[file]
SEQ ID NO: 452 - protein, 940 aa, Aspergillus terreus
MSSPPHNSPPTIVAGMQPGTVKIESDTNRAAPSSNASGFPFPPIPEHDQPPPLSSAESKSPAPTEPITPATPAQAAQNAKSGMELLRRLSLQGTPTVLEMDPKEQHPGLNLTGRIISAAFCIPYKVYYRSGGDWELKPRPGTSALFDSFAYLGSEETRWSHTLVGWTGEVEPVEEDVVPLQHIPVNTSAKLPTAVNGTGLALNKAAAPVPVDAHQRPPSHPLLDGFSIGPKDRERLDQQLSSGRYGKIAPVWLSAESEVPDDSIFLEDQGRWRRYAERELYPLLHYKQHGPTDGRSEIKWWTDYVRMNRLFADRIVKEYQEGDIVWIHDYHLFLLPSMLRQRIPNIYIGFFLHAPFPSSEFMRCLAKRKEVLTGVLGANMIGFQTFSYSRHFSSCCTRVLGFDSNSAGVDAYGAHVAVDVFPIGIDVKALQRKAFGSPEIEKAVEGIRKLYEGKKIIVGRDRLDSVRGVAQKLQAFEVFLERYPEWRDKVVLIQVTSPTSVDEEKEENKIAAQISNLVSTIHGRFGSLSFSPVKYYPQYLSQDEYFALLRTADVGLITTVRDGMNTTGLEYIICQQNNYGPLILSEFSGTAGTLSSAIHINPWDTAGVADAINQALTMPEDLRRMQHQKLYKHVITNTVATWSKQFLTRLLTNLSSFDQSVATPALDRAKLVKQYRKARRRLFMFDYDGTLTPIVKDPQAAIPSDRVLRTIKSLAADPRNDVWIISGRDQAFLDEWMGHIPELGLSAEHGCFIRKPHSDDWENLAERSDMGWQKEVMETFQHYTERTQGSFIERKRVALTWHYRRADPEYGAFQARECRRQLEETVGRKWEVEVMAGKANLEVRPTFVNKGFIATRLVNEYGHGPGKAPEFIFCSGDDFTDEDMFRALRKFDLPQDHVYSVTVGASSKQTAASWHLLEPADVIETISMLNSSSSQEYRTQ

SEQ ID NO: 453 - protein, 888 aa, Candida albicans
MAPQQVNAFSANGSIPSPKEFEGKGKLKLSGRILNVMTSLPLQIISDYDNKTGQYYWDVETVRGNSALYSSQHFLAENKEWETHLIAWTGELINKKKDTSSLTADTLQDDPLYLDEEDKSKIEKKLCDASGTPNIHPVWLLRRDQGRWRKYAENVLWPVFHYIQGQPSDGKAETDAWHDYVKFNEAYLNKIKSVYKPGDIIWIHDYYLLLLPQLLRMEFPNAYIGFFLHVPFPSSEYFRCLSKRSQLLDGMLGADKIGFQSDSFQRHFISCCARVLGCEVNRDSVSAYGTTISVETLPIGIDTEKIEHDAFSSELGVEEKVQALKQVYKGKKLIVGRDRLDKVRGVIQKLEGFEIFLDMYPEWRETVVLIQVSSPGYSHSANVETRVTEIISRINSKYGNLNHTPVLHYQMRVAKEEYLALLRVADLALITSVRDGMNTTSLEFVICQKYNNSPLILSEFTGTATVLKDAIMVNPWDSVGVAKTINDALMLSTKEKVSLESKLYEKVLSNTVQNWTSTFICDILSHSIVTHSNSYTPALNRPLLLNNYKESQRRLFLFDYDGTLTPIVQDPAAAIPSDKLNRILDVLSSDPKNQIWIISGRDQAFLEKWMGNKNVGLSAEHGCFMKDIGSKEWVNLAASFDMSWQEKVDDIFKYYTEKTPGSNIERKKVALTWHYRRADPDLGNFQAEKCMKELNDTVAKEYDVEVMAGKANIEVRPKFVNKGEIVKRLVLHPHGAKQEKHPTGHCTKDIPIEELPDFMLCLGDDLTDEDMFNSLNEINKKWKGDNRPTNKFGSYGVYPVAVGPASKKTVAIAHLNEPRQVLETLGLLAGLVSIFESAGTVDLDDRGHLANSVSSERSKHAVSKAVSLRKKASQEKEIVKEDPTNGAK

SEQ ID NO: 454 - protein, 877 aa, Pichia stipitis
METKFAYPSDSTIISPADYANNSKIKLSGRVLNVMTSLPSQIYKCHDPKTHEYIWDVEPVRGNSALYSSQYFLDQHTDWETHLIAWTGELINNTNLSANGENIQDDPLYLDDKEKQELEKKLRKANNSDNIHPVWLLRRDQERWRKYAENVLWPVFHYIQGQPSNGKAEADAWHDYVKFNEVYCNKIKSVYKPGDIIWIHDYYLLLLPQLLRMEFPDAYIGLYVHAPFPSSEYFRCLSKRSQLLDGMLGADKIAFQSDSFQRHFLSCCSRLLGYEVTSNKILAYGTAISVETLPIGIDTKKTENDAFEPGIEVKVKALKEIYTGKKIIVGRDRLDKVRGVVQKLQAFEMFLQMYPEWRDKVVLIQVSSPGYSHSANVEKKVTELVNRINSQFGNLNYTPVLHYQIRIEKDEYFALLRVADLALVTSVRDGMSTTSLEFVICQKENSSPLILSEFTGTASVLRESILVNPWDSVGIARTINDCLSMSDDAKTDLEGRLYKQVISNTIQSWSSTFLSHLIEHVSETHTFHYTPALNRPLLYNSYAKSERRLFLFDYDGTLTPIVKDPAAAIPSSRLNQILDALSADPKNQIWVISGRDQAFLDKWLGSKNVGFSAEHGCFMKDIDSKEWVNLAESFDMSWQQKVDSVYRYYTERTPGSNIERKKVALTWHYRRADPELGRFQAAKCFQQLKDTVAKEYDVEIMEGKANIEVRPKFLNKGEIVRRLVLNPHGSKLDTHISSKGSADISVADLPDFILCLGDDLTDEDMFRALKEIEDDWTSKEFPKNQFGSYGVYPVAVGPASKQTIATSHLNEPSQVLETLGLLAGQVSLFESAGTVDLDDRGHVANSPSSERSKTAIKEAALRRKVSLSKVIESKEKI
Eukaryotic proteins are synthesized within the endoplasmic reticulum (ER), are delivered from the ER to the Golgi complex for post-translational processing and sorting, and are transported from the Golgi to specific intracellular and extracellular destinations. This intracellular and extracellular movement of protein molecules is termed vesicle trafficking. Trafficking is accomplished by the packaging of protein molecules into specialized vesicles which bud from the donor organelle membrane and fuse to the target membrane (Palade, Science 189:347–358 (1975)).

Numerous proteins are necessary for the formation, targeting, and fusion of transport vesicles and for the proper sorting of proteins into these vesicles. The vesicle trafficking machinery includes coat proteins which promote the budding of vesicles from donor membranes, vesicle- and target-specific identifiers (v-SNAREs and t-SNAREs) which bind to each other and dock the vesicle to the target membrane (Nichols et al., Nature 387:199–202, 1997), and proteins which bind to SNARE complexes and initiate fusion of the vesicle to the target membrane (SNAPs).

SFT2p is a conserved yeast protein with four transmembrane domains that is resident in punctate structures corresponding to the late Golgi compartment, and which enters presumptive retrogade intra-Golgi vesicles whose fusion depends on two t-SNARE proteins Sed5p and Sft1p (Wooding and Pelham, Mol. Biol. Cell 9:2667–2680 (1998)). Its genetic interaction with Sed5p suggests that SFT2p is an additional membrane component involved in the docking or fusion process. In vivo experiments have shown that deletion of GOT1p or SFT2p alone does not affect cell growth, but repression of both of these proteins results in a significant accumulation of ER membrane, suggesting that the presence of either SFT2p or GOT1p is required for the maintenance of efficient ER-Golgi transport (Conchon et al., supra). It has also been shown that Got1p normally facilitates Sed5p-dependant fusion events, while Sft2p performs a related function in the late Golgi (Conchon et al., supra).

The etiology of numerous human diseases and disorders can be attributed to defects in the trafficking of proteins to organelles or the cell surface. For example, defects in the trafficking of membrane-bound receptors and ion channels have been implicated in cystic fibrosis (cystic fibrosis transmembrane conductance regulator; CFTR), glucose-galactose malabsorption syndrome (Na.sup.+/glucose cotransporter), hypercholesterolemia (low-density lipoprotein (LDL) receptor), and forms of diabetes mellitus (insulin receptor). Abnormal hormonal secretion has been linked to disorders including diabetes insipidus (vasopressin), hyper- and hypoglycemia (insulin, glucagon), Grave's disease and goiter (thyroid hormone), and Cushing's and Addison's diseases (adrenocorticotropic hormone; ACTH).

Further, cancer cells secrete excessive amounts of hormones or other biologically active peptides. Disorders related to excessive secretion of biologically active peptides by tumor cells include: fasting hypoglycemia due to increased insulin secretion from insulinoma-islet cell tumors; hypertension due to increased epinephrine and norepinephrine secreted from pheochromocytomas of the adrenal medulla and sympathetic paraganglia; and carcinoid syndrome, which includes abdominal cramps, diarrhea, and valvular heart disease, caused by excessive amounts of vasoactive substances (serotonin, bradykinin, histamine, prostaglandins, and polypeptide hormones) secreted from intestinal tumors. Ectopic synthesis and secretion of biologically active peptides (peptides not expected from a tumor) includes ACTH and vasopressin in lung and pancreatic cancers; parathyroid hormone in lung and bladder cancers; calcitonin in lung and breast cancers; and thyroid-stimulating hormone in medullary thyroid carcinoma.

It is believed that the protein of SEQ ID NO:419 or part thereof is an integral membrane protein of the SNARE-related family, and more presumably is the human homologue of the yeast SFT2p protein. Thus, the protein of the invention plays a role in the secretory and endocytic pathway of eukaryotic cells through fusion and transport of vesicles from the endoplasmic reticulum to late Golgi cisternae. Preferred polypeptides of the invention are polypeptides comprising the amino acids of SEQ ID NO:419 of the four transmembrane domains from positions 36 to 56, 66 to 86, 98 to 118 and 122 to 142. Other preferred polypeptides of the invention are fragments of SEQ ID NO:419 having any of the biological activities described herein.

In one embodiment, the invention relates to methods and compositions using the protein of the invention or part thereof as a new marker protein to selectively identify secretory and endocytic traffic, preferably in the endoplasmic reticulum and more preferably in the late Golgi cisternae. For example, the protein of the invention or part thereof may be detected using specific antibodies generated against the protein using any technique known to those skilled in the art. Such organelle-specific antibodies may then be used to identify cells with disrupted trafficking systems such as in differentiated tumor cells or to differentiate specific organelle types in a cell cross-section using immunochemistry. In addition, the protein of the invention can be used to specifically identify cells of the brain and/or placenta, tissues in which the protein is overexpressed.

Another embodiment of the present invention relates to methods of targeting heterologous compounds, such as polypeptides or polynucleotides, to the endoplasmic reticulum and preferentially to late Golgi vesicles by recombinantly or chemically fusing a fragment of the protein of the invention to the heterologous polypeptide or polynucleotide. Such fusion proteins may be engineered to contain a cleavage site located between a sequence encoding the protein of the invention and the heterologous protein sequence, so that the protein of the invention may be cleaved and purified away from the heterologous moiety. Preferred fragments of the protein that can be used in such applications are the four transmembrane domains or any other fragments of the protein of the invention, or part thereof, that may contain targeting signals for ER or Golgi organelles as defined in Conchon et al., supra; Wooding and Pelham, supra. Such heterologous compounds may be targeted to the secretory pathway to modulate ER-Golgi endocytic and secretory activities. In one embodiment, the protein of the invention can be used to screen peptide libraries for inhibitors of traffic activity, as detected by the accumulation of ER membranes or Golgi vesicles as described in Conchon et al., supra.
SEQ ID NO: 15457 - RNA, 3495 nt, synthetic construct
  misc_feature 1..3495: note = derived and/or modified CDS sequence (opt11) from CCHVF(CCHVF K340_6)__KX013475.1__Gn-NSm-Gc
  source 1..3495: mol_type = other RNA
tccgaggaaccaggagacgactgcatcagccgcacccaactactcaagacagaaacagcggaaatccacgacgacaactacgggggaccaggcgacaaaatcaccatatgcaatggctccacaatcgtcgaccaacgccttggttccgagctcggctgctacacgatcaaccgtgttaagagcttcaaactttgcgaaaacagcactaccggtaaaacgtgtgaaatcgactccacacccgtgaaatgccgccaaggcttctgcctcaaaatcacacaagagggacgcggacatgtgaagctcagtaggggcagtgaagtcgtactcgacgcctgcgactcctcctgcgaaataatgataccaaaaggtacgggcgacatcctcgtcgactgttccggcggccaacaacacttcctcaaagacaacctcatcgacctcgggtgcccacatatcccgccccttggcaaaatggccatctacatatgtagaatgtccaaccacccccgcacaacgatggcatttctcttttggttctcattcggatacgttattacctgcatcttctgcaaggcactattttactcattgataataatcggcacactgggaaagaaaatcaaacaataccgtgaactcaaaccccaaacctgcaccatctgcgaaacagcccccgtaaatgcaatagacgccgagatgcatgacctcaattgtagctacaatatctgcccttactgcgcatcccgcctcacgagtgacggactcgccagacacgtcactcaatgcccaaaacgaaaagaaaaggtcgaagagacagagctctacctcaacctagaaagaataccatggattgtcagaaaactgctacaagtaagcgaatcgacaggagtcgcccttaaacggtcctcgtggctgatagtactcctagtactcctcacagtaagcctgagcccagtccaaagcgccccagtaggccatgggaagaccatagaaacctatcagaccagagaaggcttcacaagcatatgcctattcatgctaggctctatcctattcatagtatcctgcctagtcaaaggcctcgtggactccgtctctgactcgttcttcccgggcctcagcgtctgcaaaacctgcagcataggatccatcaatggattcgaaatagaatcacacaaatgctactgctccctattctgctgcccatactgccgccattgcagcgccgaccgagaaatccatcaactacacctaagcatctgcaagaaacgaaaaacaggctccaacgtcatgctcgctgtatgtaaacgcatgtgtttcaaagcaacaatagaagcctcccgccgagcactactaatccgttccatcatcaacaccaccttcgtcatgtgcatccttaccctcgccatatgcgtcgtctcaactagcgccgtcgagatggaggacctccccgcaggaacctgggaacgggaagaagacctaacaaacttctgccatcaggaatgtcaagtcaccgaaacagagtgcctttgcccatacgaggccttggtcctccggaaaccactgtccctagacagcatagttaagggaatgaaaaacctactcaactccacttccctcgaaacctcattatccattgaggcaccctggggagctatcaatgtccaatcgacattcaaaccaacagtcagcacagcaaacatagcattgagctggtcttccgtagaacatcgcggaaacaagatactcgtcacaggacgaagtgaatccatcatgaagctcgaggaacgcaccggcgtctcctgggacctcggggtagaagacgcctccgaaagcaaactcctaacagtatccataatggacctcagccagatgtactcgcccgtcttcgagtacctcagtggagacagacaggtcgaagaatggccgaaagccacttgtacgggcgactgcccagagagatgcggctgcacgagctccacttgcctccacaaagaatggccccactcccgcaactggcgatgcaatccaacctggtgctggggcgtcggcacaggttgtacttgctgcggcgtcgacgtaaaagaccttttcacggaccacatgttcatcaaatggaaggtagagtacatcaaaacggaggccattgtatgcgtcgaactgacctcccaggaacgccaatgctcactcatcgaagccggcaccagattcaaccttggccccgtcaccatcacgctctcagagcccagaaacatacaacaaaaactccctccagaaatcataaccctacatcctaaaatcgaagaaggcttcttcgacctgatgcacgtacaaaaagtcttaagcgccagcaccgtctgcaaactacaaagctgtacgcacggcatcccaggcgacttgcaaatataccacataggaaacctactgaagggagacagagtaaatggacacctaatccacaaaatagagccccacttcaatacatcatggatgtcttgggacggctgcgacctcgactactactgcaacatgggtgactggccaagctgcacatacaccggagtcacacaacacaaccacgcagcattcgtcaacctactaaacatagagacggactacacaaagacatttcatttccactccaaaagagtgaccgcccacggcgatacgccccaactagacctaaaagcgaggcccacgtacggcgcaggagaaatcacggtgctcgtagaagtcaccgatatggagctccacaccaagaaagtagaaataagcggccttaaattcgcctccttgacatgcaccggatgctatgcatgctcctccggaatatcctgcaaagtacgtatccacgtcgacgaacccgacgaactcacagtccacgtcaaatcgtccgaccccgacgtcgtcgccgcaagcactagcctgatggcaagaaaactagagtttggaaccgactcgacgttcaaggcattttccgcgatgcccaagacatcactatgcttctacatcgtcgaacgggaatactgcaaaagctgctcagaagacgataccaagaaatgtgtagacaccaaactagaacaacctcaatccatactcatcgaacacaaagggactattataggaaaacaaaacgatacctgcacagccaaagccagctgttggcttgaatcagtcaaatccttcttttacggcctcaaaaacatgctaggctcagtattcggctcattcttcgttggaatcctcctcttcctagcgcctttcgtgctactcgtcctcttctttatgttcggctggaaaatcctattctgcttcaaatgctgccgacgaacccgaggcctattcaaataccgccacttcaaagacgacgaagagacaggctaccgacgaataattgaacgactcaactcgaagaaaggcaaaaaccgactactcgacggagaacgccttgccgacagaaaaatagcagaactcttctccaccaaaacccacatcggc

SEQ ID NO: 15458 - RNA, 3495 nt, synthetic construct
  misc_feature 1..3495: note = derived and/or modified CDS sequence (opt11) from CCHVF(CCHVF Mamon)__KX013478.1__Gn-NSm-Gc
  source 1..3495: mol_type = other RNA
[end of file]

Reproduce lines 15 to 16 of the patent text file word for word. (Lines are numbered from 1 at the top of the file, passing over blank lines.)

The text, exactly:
SEQ ID NO: 15457 - RNA, 3495 nt, synthetic construct
  misc_feature 1..3495: note = derived and/or modified CDS sequence (opt11) from CCHVF(CCHVF K340_6)__KX013475.1__Gn-NSm-Gc